How a young enthusiast has kept in touch with aviation
Harry is 13 and has always loved aviation. He shares his thoughts with AeroTime.
Young Aviation Enthusiast
I’ve been interested in aviation for more than 10 years and I am only 13! I first went on a plane when I was two in 2009. It was a Monarch A321 and we were going to Menorca on holiday. I was so thrilled to be going on a plane that my parents tell me I got over-excited at the airport that I fell asleep through the whole flight.
I love the whole experience of flying. The airport, watching the aircraft, spotting different liveries, different models of aircraft, the flight, in short, everything. When I am holiday, I am always excited about the flight home and look forward to getting back to the airport.
For me, 2020 was going to be an exciting year in aviation. We were going to Florida, but rather than going on a 747 like we had in 2017 (which was very exciting in itself), this time we were taking three flights there and three flights back with two different airlines, two new international airports to visit and six different aircraft. I was looking forward to the flights almost as much as the theme parks at our destination. But with Covid, these plans are now on hold. However, Covid did have some unintended consequences that enabled me to continue my interest in aviation.
I am always looking for any opportunity to see aircraft of any sort. My dad will sometimes take me to our local airport, in Norwich, at the weekends so we can look around and I take photos of anything that I see. During the Covid period, it has sometimes been difficult to go anywhere because of the lockdown rules, but I will always keep an eye on Flight Radar 24 to see if there is anything operating nearby.
It's interesting to see that Norwich air traffic has remained quite high so there has usually been something to see every day. Norwich Airport seems to be handling more and more maintenance and lots more storage, so we have had a good number of aircraft coming and going from airlines that we never normally see. Norwich airport is also the home of Air Livery who repaint aircraft, so it’s a great way of seeing aircraft newly painted in the latest livery of many airlines who don’t normally operate from Norwich.
Recently at Norwich Airport, I saw a range of different aircraft from the Augusta Westland 139 (they do a lot of North Sea shuttles from Norwich) to a Transavia 737-800 (in the old livery) and a BA Cityflyer E190. We also saw a Braathens RJ being towed into the hanger.
When you have a hobby like this, it is really difficult if you have to stay indoors because everything is happening outside. But it’s been really important to stay in so I have found other ways to keep up with my aviation hobby including watching hours of aircraft videos on YouTube. I have also started a twitter account logging what I have seen. Only a few followers so far, but its good to engage with others who share my aviation interest.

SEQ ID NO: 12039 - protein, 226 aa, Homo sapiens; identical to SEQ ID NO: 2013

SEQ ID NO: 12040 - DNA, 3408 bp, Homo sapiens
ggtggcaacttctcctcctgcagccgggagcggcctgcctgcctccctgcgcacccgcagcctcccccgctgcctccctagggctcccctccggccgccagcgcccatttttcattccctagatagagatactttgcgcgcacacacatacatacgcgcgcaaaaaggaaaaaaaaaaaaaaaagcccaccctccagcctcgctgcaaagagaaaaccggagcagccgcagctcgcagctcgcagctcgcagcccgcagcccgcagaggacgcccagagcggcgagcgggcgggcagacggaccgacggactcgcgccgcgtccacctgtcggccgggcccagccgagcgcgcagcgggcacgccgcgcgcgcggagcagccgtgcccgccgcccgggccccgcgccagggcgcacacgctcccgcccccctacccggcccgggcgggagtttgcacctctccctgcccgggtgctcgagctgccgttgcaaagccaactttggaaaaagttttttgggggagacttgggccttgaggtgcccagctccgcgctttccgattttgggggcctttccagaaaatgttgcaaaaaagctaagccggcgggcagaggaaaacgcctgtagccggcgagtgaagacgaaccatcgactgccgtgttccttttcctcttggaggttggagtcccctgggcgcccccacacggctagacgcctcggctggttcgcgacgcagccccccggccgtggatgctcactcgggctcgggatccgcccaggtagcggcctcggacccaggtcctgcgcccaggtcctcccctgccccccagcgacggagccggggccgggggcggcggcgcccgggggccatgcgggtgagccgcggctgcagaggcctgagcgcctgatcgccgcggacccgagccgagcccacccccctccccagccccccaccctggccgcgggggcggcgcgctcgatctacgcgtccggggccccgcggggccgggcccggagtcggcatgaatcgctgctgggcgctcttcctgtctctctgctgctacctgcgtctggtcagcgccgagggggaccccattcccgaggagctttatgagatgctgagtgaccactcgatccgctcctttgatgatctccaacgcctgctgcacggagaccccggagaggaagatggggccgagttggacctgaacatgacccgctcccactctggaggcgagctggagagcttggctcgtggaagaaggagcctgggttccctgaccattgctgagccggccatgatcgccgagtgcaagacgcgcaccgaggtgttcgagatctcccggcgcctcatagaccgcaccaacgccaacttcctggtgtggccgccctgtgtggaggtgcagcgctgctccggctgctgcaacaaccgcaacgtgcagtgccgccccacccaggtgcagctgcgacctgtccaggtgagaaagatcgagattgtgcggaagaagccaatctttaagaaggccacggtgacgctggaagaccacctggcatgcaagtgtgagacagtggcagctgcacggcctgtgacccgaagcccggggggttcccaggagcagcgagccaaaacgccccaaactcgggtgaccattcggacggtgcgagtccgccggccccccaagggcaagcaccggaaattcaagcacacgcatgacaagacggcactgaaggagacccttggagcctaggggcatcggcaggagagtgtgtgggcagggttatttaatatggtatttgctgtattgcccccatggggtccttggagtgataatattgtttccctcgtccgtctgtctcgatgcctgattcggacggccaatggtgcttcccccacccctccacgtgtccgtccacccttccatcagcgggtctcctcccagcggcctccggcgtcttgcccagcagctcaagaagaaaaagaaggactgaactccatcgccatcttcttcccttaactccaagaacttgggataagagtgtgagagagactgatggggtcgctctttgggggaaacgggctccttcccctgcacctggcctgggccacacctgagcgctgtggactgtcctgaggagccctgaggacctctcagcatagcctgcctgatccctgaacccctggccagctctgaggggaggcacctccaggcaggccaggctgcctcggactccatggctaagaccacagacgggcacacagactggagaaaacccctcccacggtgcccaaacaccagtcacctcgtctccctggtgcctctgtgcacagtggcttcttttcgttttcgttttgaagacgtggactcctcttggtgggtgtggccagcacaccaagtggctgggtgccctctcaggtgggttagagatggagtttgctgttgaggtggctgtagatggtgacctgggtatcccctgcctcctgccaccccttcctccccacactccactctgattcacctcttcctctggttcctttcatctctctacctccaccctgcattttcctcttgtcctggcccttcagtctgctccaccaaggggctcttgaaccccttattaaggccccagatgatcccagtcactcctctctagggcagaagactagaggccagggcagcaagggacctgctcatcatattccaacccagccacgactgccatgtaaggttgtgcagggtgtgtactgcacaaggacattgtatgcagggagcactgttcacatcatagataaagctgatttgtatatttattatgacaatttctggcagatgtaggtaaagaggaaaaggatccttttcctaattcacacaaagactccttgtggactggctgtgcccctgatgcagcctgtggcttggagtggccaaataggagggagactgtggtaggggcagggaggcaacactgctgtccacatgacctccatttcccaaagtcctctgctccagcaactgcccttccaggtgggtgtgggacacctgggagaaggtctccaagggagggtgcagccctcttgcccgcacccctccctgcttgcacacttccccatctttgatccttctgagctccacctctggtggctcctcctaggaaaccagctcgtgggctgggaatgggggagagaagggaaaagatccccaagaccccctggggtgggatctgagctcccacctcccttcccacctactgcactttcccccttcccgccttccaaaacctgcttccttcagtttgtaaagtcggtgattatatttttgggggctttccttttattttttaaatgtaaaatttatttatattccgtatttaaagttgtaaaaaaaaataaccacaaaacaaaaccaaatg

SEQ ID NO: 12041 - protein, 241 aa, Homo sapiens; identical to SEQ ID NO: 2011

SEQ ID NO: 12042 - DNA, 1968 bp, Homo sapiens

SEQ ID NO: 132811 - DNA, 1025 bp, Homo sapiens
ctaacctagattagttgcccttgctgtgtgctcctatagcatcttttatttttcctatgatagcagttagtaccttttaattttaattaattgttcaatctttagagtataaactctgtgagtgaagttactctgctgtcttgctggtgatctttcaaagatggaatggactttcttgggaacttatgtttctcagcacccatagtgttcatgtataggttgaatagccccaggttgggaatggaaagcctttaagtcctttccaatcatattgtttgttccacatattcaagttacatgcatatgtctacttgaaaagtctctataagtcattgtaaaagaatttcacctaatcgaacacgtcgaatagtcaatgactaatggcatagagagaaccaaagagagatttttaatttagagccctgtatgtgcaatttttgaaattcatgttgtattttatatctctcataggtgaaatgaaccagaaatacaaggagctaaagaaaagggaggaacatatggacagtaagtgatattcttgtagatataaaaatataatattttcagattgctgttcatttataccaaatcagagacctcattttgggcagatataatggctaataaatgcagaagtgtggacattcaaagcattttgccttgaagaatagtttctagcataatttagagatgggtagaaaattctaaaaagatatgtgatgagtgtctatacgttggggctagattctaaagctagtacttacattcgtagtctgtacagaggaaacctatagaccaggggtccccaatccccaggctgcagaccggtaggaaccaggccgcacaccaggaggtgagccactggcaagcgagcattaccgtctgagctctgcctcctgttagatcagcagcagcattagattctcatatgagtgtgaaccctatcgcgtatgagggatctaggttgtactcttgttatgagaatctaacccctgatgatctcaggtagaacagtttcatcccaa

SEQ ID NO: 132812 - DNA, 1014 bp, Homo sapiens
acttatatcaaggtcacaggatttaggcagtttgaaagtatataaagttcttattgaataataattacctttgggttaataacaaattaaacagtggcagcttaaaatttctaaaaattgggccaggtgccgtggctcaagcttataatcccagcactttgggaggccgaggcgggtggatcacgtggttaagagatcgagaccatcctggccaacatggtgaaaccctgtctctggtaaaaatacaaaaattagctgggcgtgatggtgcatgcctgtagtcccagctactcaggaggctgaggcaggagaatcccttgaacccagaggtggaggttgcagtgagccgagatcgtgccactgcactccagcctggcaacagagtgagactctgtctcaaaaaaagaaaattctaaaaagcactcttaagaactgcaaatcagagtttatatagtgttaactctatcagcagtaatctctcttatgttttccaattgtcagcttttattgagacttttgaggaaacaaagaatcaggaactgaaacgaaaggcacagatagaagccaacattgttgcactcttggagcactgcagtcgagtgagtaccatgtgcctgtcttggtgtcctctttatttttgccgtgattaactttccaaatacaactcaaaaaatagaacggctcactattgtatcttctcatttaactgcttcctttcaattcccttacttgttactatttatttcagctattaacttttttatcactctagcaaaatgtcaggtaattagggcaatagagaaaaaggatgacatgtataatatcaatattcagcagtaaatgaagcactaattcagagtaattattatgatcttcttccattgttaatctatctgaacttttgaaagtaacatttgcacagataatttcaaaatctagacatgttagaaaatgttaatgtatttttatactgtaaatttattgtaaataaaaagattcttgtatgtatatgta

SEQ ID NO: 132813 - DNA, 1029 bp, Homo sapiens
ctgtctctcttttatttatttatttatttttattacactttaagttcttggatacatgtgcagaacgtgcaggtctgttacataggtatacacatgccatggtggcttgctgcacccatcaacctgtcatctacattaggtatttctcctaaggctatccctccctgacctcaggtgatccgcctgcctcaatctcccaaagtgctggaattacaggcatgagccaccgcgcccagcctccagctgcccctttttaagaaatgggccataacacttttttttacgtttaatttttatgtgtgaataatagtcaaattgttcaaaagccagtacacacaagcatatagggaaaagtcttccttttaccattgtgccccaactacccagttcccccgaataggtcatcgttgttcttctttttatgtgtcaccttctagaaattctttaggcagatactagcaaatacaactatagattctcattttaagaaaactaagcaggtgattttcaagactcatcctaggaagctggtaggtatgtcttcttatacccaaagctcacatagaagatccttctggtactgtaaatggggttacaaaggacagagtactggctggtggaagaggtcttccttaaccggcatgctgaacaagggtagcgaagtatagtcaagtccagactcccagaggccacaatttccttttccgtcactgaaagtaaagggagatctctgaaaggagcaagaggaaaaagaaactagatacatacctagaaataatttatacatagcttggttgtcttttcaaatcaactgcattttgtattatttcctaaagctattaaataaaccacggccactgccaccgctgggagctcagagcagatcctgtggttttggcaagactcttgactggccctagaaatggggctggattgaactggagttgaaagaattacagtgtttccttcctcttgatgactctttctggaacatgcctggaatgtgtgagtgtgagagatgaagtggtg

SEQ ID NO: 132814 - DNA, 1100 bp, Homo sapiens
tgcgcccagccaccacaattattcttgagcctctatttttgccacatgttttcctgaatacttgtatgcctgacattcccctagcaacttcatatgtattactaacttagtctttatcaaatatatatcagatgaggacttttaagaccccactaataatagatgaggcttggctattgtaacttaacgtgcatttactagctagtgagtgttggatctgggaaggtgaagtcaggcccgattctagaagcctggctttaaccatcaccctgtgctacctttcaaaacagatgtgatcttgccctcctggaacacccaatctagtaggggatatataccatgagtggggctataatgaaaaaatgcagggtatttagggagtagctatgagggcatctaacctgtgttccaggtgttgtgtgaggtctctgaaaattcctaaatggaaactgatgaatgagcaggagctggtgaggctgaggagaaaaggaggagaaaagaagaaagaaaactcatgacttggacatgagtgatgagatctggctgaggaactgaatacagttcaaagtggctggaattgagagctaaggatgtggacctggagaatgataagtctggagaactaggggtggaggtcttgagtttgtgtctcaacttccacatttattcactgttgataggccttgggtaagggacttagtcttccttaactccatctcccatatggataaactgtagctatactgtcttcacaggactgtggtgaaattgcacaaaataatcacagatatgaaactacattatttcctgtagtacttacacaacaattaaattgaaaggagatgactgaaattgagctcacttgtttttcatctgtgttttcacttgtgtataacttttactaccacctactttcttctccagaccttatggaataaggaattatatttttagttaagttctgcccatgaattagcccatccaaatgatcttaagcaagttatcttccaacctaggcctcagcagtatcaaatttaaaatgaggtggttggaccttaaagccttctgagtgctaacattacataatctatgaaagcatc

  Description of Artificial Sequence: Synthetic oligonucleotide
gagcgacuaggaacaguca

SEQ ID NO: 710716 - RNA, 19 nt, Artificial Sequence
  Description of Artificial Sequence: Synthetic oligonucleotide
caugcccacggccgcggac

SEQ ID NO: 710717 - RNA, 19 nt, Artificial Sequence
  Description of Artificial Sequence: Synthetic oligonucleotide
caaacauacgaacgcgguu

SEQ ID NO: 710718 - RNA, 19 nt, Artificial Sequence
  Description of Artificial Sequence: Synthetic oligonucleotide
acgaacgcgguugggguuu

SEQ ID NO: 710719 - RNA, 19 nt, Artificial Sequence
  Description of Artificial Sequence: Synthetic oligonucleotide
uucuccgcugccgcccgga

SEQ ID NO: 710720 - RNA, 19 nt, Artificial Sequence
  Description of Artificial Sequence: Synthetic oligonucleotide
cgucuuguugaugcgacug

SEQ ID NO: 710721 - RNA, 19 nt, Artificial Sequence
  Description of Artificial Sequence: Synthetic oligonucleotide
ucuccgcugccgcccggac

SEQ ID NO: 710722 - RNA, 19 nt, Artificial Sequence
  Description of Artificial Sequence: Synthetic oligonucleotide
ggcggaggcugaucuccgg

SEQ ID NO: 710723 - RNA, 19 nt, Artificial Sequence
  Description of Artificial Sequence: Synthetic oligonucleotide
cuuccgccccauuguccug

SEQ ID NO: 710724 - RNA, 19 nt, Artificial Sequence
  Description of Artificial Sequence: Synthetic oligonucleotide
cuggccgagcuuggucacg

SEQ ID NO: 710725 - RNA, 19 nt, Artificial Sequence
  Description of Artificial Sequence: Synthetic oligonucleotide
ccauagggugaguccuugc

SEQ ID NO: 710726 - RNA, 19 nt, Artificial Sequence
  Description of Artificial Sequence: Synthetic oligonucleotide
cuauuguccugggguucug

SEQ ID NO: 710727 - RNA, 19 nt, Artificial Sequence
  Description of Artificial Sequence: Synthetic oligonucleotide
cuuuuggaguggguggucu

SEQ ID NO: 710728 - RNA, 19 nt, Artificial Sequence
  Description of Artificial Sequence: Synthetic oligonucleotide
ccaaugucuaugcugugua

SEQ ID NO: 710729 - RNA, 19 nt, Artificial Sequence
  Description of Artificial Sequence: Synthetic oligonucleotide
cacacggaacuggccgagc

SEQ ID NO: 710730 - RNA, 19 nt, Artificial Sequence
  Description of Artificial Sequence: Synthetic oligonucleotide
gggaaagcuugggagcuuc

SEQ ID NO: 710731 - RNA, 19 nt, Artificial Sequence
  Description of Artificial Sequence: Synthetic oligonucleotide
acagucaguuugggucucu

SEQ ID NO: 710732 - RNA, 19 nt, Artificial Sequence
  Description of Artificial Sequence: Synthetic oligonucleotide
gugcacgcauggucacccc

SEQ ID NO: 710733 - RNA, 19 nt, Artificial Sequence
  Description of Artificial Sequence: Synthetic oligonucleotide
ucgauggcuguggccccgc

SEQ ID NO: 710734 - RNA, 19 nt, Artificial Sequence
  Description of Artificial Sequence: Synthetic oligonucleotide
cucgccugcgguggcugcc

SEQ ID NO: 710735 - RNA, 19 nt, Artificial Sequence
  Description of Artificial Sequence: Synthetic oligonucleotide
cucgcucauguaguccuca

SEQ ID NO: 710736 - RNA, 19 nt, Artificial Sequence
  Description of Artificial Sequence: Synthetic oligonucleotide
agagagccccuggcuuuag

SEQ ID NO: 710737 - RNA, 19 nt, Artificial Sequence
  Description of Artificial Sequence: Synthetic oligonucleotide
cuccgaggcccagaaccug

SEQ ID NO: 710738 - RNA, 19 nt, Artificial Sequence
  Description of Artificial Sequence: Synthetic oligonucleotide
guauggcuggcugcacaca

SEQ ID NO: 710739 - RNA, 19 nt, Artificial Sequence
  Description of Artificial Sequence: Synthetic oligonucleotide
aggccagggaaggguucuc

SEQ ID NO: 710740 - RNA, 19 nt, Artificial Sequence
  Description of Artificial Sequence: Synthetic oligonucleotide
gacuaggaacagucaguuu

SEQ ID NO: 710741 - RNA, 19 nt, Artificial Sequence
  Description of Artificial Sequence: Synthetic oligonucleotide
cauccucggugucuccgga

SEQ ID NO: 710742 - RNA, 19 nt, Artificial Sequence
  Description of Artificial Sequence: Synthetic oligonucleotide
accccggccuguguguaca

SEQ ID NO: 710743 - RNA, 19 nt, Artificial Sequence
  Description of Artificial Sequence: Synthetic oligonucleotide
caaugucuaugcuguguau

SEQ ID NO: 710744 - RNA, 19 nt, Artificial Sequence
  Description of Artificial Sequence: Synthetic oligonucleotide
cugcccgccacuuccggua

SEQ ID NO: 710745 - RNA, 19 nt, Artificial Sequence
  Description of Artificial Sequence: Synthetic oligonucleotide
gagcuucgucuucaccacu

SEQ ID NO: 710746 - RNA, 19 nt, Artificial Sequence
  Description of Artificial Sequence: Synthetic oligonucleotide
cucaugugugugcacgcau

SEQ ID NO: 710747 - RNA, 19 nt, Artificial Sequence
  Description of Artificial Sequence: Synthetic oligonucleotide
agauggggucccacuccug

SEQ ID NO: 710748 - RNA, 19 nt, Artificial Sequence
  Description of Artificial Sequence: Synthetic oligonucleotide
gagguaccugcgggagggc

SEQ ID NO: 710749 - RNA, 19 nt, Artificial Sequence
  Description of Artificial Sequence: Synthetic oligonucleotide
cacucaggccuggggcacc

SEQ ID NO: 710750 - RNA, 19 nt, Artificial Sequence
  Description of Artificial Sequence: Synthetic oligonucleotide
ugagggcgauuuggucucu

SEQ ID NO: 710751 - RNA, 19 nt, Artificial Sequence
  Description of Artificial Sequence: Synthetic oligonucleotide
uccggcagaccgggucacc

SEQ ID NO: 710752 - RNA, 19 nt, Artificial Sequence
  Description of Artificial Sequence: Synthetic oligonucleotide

I also like to visit the City of Norwich Aviation Museum for which we have a family season ticket. We managed to go in September when the Covid rules had been relaxed and we walked around outside. They recently moved a new display aircraft RJ-85 across the airport perimeter and Norwich bypass to a new resting place at the museum. I didn’t see it move but I saw some pictures of the crane carrying it across and I couldn’t wait to go and visit it when the museum re-opened.
The new aircraft looks massive there. There are some very big planes at the museum – a Nimrod, a Vulcan and now this RJ-85. There are lots of smaller planes around it including Cessnas, Pipers, Hawker Hunters, a Jaguar fighter jet, a Harrier and a Lightning, amongst many others. I look forward to going to see them again soon and hope in the future to be a volunteer there.
I know there are a lot of kids like me who love aviation who are probably finding it tough right now. I know it is even harder for those employed in aviation too. But when I look up and see vapour trails in the sky, we know that the vaccine is coming and we can hope that we will see more and more coming back to the skies soon. Then, hopefully we can go and visit the airports and museums again, just like we used to. Until then we can watch it all on YouTube, continue tweeting our pictures and keep working hard so that we can one day get the jobs we want and can be around aircraft even more.
This is my Covid story and I look forward to reading yours.
Over 200 COVID tests: the life of YouTuber Josh Cahill during the pandemic
Aviation YouTuber and airline reviewer Josh Cahill shares how the pandemic looks through the eyes of a frequent fly...
This Argentine flight crew instructor helped to make your Covid pass possible
This Argentine pilot and flight crew instructor participated in a Pfizer COVID vaccine clinical trial during his country...
Captain Richard returns to the skies after successful cancer treatment
Captain Richard spent years working in aviation. But, after accidentally discovering a serious health issue, his life wa...
Anthony’s story: How a piece of a Boeing 747 tailfin inspired a business idea
Anthony Friedl creates an aircraft fuselage skin recycling company and captured the attention of thousands of collectors...